[] Main
  American-Canadian Mount Everest Expedition
  Canadian Council for Geographic Education
  Canadian Geographic
  ESRI Canada
  Everest News
  Evergreen
  Government of Canada
  Government of Canada - Parks Canada
  LetsNet
  Lewis & Clark Journey of Discovery
  National Geographic Expeditions
  Nebraska Earth Systems Education Network
  PBS - Nova
  The Association For Science Education
  The ATLAS of Canada
  The Kennedy Center - Arts Edge
  The Knowledge Network
   
   



 Add to Favorite     

Lesson Plans & Activity Guides

Welcome to the Summits Learning Center and a great source for a variety of valuable lessons and activity guides. The organization you have chosen has the following lessons and/or activity guides available (see below).

Choose the lesson and/or activity you are interested in and simply click on the link to access the program material. Have fun as you expand your mind and start learning things you didn't even know you didn't know!



Government Of Canada

Government Of Canada
 

Building A Nation
 
In this project, students will review the major factors, significant events and key individuals involved in the creation of the Dominion of Canada in 1867. They will organize and participate in a "Confederation Review Conference" in order to examine how Canada can best serve regional interests and group perspectives in the 21st century. Parts of this project may be useful to educators when used independently.
Source: Government Of Canada



Climate Change Teacher's Kit
 
Climate Change fits in all subject areas! Whether it's through science, social studies or geography, students can learn and take action on climate change.

The Government of Canada has prepared this Teacher's kit to provide teachers with information on existing materials that can help to introduce the concept of climate change into the classroom, and to provide ideas to help students make learning about climate change relevant to their daily activities.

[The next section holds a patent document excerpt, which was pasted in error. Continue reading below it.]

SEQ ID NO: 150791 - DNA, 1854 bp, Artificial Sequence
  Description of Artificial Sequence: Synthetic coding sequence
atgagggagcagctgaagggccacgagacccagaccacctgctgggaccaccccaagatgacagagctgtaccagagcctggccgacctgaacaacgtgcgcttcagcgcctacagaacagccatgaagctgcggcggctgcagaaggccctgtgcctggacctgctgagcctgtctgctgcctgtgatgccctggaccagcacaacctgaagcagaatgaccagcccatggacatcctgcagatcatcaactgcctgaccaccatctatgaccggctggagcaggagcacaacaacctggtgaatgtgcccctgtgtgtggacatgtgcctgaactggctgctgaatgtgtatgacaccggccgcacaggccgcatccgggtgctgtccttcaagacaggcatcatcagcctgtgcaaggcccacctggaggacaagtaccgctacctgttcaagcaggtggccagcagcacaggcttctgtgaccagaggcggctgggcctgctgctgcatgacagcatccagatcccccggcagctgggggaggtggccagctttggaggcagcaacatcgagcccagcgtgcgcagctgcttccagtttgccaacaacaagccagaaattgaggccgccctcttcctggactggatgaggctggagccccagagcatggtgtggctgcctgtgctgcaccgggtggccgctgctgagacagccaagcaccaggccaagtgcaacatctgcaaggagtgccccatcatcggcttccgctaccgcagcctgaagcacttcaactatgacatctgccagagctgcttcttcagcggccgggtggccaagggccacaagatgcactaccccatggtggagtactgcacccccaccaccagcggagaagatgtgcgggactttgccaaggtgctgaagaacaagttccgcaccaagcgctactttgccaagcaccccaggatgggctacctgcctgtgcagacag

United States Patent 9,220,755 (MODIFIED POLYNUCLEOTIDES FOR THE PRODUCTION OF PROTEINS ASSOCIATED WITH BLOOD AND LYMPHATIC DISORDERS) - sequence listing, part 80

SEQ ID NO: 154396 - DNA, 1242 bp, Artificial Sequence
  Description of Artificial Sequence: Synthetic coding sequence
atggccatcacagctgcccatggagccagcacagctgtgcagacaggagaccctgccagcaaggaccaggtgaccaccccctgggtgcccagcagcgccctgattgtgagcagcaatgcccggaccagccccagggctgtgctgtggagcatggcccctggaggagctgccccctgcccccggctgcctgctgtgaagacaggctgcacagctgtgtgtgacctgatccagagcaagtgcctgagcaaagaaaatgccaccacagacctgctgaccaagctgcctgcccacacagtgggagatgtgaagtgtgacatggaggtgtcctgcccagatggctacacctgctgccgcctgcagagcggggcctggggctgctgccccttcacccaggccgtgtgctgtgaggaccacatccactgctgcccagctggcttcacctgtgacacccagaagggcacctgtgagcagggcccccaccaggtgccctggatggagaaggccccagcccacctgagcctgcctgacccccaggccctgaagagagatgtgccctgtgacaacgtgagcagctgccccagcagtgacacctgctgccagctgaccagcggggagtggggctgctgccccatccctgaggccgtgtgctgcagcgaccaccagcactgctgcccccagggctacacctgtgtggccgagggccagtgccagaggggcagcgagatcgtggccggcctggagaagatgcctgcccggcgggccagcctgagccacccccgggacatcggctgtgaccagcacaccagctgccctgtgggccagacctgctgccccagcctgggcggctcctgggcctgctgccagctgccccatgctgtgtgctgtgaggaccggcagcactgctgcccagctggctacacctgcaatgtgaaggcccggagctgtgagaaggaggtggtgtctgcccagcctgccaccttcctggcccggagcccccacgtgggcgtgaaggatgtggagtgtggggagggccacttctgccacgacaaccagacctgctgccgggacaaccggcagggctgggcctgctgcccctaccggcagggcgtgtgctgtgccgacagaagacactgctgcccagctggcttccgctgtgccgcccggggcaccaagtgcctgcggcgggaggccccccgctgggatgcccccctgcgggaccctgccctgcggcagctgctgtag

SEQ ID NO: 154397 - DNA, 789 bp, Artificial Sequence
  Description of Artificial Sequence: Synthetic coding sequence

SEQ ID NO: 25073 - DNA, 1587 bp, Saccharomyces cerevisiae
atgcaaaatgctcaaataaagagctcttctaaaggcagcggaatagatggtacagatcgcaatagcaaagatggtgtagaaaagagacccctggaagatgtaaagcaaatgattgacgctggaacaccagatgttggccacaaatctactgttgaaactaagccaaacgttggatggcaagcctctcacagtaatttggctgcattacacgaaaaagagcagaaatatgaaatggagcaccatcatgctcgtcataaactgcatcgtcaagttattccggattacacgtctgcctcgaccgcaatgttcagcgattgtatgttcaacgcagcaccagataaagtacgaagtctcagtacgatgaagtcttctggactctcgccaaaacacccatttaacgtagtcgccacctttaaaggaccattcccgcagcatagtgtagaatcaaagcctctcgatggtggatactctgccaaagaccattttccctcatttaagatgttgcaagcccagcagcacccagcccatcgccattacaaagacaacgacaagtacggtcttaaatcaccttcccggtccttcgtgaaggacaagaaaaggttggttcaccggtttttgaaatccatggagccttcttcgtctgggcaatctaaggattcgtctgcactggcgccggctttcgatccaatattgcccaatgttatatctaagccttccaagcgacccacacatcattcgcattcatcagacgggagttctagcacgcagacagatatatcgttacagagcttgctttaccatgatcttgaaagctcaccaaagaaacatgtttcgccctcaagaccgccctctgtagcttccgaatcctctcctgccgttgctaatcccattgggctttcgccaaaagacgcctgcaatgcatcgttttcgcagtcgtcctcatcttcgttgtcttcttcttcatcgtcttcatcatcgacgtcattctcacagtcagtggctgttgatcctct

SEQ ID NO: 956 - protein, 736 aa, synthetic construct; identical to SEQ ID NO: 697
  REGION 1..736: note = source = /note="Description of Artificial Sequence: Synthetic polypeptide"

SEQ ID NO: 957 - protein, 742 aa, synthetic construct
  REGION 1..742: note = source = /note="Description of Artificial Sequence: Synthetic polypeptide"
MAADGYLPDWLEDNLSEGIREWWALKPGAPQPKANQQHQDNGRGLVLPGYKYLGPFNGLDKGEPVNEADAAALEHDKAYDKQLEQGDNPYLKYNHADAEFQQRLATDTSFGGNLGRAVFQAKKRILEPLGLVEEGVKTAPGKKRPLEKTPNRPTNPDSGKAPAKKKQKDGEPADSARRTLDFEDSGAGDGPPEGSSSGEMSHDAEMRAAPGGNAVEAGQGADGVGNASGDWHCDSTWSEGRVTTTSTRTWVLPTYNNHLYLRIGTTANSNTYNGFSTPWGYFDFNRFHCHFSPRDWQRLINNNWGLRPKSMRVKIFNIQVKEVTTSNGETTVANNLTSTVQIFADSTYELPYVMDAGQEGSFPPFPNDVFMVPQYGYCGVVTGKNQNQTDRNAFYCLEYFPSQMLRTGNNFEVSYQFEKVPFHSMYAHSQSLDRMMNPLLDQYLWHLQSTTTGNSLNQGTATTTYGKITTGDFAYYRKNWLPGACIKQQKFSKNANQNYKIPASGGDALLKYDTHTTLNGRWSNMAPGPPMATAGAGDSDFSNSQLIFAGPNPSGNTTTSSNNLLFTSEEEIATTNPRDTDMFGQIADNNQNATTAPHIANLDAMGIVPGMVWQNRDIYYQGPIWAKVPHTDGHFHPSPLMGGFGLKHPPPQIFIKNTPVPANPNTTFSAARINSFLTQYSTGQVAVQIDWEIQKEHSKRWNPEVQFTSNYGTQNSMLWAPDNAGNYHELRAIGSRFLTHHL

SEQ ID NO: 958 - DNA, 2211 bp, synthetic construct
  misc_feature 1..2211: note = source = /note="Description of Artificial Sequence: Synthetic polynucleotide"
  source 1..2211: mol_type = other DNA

Source: Government Of Canada



Take The One-Tonne Challenge! (Grades 3-6)
 
To motivate students to take actions to reduce greenhouse gas (GHG) emissions, and to influence others to reduce, too.
Source: Government Of Canada



From The Mountains To The Sea: A Journey In Environmental Citizenship (Grades 3-6)
 
Have you ever stopped to consider that the water you used for your shower this morning may have been used by your great-great-great-grandmother to wash her clothes two hundred years ago? Or, some dinosaur may have walked in the same molecules of water which you used to brush your teeth? Every molecule of water that was present when the earth was formed is still present today in one form or another. It may be frozen in ice, suspended in a gaseous state in the atmosphere or it may be in liquid form as in the river which runs through your region.
Source: Government Of Canada



The Green House Effect (Grade 5)
 
In this lesson, students will explore some of the factors that affect weather and climate. Students will carry out an investigation in which simulates various environments (i.e. Canadian Prairies, Arctic Canada, Ocean/Coastal) and see the how the greenhouse effect impacts temperature in each of these environments. Groups will have opportunities to pool their data to create a lab report for assessment.
Source: Government Of Canada



Polar Bears & Ice (Grades 6-12)
 
To give students a proper scientific understanding of the threat that global warming poses to polar bears, and everyone who lives in the Arctic.
Source: Government Of Canada



Trends In Weather Data - Local Vs. Global (Grade 10)
 
In this lesson, students examine annual temperature and high/low temperature data for a chosen weather station and compare this to a data set for Global Mean Temperature Anomalies. Pairs of students can be assigned specific years or data sets to analyze and report back to the class. The class results can then be evaluated to see if there is a correlation between global temperature trends and high/low temperature differentials for local areas. This lesson allows students to use real data to look for and compare trends in local and global temperature patterns.
Source: Government Of Canada